Changes in U.S. Dairy Commercial Exports and Domestic Commercial Disappearance
Traditionally, the U.S. dairy industry was driven by the domestic market; only a small fraction of dairy products was exported. Since about 2004, however, exports have accounted for a growing share of U.S. dairy product demand, reaching a value of nearly $7 billion in 2013. Export growth has been greatest for dry manufactured dairy products with relatively high skim-solids content (protein, lactose, minerals, and trace elements found in milk), such as nonfat dry milk (NDM) and dry whey. These products are typically easier to transport, in contrast to bulky, perishable products, such as most beverage milk products, which are more expensive to transport. Domestic demand has grown more for products with relatively high milk-fat content, such as butter and most types of cheese.
Dairy manufacturers separate and reassemble milk components to produce a wide array of diverse products. To analyze the dynamics of domestic and foreign demand for U.S. milk products, the products are converted to a common milk equivalent. On average, cow’s milk in the United States consists of about 87.5 percent water, 8.8 percent skim solids, and 3.7 percent milk fat. ERS uses two measures of milk equivalence: one based on the milk-fat content and the other based on the skim-solids content of the milk used to produce the various products.
For example, based on the milk-fat content of typical cow’s milk, it takes a relatively large amount of milk (21.8 pounds) to produce 1 pound of butter, but butter contains only a small amount milk skim-solids (the equivalent of 0.12 pounds of milk). Therefore, the milk equivalent of butter is much higher on a milk-fat basis than a skim-solid basis. By contrast, 1 pound of NDM requires a large amount of skim solids (the equivalent of 11.6 pounds of milk), but very little milk fat (the equivalent of only 0.22 pounds of milk).
What Is Commercial Disappearance?
USDA’s Economic Research Service (ERS) measures dairy demand using commercial disappearance. Total commercial disappearance is calculated as a residual after accounting for production, imports, USDA net removals, and changes in commercial stocks. The proxy is called “commercial” since it excludes USDA net removals (price support purchases plus subsidized exports, minus USDA sales to back to the commercial market).1 Commercial exports are subtracted from total commercial disappearance to calculate domestic commercial disappearance. ERS provides estimates of these measures on both milk-fat and skim-solids milk-equivalent bases.
Growth in Commercial Exports
U.S. commercial exports have grown since 2003, largely due to increased world demand, particularly from Mexico and Southeast Asia. Also, as the European Union and the United States have reduced export subsidies, commercial exports have replaced Government-subsidized exports. Commercial exports have grown much more on a skim-solids milk-equivalent (m.e.) basis than on a milk-fat m.e. basis. In 1995, commercial exports calculated on a skim-solids milk-equivalent-basis exceeded the milk-fat milk-equivalent by 2.1 billion pounds per year. By 2013, the difference had grown to 26.2 billion pounds per year. In recent years, the United States has become a leading exporter of dry whey products and NDM, products with very high skim-solids content.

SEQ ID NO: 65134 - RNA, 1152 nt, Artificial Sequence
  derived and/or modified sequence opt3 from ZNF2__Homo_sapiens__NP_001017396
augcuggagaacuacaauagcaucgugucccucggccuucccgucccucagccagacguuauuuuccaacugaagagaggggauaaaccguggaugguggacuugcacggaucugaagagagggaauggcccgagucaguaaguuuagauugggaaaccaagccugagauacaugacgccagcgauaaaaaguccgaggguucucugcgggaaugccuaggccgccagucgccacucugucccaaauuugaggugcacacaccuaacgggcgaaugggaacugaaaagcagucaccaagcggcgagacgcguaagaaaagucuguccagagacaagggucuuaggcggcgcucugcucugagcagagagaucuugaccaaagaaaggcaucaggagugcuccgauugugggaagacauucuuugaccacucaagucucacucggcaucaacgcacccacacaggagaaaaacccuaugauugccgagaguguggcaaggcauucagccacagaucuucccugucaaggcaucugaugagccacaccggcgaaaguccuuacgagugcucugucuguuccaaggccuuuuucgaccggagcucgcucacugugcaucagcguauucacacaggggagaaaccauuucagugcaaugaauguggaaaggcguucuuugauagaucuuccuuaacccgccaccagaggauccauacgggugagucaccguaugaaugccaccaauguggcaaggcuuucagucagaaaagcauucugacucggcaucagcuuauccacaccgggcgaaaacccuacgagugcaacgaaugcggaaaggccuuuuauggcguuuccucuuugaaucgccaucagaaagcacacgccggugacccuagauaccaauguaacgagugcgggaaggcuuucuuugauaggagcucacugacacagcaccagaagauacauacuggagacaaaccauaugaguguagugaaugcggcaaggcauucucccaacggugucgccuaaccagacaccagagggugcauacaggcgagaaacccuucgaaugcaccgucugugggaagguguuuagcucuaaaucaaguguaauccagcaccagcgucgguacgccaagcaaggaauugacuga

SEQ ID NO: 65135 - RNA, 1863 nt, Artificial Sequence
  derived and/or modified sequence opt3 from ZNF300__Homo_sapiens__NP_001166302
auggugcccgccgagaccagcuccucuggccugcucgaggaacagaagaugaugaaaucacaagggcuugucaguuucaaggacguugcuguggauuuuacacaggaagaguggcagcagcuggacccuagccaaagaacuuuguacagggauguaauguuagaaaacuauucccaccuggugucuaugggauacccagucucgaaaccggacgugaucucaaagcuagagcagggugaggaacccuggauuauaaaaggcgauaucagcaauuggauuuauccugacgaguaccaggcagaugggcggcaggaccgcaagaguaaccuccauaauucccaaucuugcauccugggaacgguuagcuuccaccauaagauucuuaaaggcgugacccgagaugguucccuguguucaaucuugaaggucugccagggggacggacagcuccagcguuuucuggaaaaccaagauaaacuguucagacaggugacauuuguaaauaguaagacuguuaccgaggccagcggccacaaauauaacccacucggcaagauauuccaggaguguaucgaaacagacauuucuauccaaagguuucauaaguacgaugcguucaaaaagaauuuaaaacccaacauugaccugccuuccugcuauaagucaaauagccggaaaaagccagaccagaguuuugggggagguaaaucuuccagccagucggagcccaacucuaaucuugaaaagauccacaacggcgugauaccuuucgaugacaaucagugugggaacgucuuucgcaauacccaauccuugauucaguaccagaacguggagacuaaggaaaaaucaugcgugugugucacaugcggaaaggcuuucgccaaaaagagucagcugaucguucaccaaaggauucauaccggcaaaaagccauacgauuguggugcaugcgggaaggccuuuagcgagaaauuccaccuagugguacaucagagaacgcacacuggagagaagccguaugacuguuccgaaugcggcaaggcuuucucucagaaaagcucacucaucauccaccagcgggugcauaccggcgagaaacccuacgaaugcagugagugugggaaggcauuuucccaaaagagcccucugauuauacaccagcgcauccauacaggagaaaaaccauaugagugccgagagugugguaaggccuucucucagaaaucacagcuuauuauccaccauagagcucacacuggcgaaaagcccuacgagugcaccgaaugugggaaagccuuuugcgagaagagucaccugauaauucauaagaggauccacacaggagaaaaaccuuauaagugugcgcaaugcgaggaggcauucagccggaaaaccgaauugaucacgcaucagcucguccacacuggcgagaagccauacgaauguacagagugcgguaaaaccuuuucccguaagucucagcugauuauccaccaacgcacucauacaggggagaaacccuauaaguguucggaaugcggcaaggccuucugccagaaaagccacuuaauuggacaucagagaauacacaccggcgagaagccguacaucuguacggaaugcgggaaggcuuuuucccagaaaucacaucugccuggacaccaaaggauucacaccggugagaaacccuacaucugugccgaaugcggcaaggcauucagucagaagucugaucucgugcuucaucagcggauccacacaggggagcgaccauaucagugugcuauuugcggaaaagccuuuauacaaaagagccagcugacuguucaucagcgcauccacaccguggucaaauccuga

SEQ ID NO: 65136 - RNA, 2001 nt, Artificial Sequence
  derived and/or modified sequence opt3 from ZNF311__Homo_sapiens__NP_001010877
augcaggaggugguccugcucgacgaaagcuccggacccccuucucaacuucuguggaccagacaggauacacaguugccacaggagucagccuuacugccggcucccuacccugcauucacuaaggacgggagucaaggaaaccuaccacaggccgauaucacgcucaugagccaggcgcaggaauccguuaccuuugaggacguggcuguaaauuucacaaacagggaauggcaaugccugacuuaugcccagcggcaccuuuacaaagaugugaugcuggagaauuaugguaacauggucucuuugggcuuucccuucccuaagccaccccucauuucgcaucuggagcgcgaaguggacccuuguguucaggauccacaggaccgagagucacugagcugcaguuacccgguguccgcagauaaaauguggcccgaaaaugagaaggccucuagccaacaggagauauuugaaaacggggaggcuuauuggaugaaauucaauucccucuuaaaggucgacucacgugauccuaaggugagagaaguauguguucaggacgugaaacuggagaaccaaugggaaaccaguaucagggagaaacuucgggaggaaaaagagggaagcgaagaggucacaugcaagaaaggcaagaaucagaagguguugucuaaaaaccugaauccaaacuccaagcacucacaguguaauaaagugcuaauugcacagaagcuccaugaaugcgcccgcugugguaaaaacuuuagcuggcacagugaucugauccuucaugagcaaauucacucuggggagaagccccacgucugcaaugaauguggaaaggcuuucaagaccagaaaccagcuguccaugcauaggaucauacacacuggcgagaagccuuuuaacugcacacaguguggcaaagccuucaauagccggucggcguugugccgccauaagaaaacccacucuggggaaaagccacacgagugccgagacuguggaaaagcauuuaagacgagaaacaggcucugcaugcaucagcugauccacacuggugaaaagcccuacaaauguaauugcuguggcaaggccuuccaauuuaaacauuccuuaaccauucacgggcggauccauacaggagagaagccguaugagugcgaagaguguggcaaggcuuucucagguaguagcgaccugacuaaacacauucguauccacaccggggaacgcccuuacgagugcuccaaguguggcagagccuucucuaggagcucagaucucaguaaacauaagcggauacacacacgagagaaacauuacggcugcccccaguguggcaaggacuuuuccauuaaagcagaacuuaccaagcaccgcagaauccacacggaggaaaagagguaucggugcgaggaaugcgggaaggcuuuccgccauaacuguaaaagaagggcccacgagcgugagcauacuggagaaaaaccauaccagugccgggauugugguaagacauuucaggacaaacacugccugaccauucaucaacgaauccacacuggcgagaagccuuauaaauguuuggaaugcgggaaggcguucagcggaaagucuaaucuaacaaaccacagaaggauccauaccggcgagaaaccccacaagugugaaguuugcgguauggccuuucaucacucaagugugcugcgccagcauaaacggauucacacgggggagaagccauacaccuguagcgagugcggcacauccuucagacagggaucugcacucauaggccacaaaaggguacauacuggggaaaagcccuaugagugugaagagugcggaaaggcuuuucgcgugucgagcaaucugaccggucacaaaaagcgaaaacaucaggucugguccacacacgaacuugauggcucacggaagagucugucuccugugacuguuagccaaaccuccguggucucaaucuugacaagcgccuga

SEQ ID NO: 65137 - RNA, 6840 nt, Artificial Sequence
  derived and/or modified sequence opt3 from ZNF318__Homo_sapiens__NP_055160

Growth in Domestic Commercial Disappearance
In contrast to commercial exports, domestic use has grown more on a milk-fat milk-equivalent basis than on a skim-solids milk-equivalent basis. In 1995, domestic commercial disappearance, calculated as a milk-fat equivalent, exceeded the skim-solids equivalent by 2.7 billion pounds. By 2013, the difference had grown to 24.9 billion pounds. Over time, Americans have increased per capita consumption of cheese, butter, and other products with relatively high milk-fat content. Per capita consumption of fluid beverage milk has declined, partly explaining the lower growth in demand for skim solids. Fluid beverage milk has lower milk-fat content and higher skim-solids content than milk as it comes from the cow. Changes in U.S. domestic dairy demand have contributed to the availability of high skim-solids products for export, such as NDM and dry whey.
Commercial Exports as Growing Share of Total Commercial Disappearance
Exports have become a greater share of total dairy product demand over time. In 1995, on a milk-fat milk-equivalent basis, commercial exports made up 2.0 percent of total commercial disappearance. By 2013, the share had grown to 6.0 percent. On a skim-solids milk-equivalent basis, the commercial export share of total commercial disappearance grew from 3.4 percent in 1995 to 18.7 percent in 2013. Commercial exports of NDM and skim milk powder (SMP) played a large role in this increase. While commercial exports of NDM and SMP were very low in the 1990s (zero in some years), commercial exports exceeded domestic commercial disappearance by 2013, making up 56.6 percent of total NDM and SMP commercial disappearance. In recent years, major U.S. markets for NDM and SMP have been Mexico, China, Philippines, and Indonesia.
1USDA net removals were significant in earlier years but a minor factor since 2004. The Dairy Products Price Support Program and the Dairy Export Incentive Program were repealed by the Agricultural Act of 2014.
Dairy Data, by Jerry Cessna and Angel Teran, USDA, Economic Research Service, October 2021